. "4 Researching a Broad Range of Health Outcomes." Environmental Epidemiology, Volume 2: Use of the Gray Literature and Other Data in Environmental Epidemiology. Washington, DC: The National Academies Press, 1997.
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In summary, immunologic markers of exposure can be used in several ways to distinguish exposed from nonexposed individuals and to distinguish among those with different levels of exposure within exposed groups. The use of immunologic markers should be considered in the context of other information, such as exposure history or environmental or breathing-zone measurements. The use of biologic markers may need consideration during the design of a study, during implementation, and during the interpretation of results. However, before any study, the investigator should ask what benefit biologic markers might provide over exposure assessment by ambient personal or environmental monitoring. If this question cannot be answered in a convincing way, biologic markers should not be used in environmental-epidemiologic research.
The frequency of many diseases is likely to increase in certain population groups. For example, an increasingly large proportion of the population is over age 65 (Cooper et al., 1991). Older persons have an increased vulnerability to many stresses. Whether and to what extent an elderly person is more susceptible to the toxic effects of potentially hazardous compounds from the environment is largely unknown. Elderly individuals may be at increased risk from toxicant exposure because of age-related changes in the body's protective mechanisms (NRCb, 1989). Older persons have had a long period of exposure to chemicals, more time for latent adverse effects to manifest themselves, and more time for cumulative effects to emerge.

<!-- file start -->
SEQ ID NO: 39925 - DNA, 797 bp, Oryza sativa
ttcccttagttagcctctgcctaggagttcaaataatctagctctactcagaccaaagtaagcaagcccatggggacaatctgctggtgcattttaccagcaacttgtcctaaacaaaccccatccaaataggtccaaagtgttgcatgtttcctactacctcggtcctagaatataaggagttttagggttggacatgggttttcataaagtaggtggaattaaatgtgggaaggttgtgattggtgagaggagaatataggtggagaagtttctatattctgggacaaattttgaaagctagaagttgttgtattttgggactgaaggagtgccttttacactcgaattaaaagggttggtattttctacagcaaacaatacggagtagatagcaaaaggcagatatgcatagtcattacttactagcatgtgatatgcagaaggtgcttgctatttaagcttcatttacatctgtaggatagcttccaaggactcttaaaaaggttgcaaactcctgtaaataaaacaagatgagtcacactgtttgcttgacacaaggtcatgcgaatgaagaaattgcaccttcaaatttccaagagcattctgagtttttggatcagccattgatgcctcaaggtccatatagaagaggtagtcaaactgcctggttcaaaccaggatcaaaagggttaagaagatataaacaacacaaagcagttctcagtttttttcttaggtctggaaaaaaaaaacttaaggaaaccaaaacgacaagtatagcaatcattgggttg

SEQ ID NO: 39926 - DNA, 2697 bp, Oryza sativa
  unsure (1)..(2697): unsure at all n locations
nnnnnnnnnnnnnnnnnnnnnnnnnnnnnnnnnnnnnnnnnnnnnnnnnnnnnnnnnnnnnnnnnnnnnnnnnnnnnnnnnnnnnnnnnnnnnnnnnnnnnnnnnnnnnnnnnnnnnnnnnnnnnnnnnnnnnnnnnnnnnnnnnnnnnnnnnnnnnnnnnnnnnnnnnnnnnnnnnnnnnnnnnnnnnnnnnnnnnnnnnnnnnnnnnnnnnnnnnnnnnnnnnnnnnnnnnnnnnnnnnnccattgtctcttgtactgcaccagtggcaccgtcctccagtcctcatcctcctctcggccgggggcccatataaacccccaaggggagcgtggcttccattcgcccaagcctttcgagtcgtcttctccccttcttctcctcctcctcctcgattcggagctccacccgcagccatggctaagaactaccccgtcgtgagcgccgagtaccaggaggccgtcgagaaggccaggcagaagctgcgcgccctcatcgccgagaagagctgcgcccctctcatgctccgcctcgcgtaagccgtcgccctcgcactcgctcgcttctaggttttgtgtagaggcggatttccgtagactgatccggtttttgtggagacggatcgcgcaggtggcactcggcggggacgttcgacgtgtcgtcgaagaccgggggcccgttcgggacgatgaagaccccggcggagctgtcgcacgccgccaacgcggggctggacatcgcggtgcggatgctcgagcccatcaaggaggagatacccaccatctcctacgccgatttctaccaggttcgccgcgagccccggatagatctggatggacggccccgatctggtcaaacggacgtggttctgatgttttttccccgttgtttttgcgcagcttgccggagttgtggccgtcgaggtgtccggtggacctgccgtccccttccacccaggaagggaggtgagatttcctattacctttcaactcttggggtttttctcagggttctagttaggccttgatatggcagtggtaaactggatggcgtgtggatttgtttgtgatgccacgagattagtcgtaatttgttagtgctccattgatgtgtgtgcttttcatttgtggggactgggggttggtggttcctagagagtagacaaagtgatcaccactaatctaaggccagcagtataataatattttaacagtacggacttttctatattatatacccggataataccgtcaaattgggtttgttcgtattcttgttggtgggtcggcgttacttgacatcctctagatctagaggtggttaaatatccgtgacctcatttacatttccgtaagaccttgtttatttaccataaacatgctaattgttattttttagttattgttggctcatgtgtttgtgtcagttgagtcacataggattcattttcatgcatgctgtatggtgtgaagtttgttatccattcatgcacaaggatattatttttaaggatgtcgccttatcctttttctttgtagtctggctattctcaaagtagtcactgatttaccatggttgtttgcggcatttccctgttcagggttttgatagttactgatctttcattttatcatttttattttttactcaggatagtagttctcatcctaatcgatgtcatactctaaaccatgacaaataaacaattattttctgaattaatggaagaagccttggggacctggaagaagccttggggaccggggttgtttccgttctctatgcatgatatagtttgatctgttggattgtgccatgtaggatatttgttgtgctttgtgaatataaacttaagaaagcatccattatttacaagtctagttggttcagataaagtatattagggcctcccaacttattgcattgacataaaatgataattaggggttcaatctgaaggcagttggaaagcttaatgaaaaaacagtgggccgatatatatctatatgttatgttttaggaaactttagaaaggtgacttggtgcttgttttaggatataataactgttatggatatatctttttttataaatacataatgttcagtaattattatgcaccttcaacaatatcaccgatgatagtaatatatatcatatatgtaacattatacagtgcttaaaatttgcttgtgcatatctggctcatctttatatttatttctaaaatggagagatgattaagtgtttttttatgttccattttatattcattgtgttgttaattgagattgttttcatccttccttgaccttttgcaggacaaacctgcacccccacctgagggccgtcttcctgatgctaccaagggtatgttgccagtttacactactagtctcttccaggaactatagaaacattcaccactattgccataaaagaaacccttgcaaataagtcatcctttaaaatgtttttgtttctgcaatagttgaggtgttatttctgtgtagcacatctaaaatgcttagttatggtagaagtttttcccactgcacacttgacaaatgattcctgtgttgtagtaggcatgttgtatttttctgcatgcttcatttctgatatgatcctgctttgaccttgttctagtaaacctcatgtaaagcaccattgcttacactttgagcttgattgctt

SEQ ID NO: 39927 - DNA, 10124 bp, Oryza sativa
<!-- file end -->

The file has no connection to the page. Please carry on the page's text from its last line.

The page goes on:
The role of aging in environmental toxicity has been a subject of extensive research. In aged populations, 2 classes of adverse effects may exist: those caused by aging alone and those caused by interactions between aging and toxic agents (Williams et al., 1987). It may not be possible to discern with confidence the health decrements from these. A problem, then, is the identification of experimental approaches that will give insight into the relation between age and toxicity (NRC, 1989b).
A major impediment to understanding the role of environmental agents in the aging process is the paucity of reliable and valid biomarkers of aging per se (Reff and Schneider, 1982; Ingram, 1988; McClearn, 1988). Harrison (1988) suggested 4 criteria for determining whether a particular physiologic assay may be useful as a biomarker of aging in an individual organism: the results should change significantly with age, the changes should be repeatable in the same individual, assays of independent physiologic parameters should give similar estimates of age for the same individual, and the degree of aging as determined by the assays should correlate with subsequent longevity.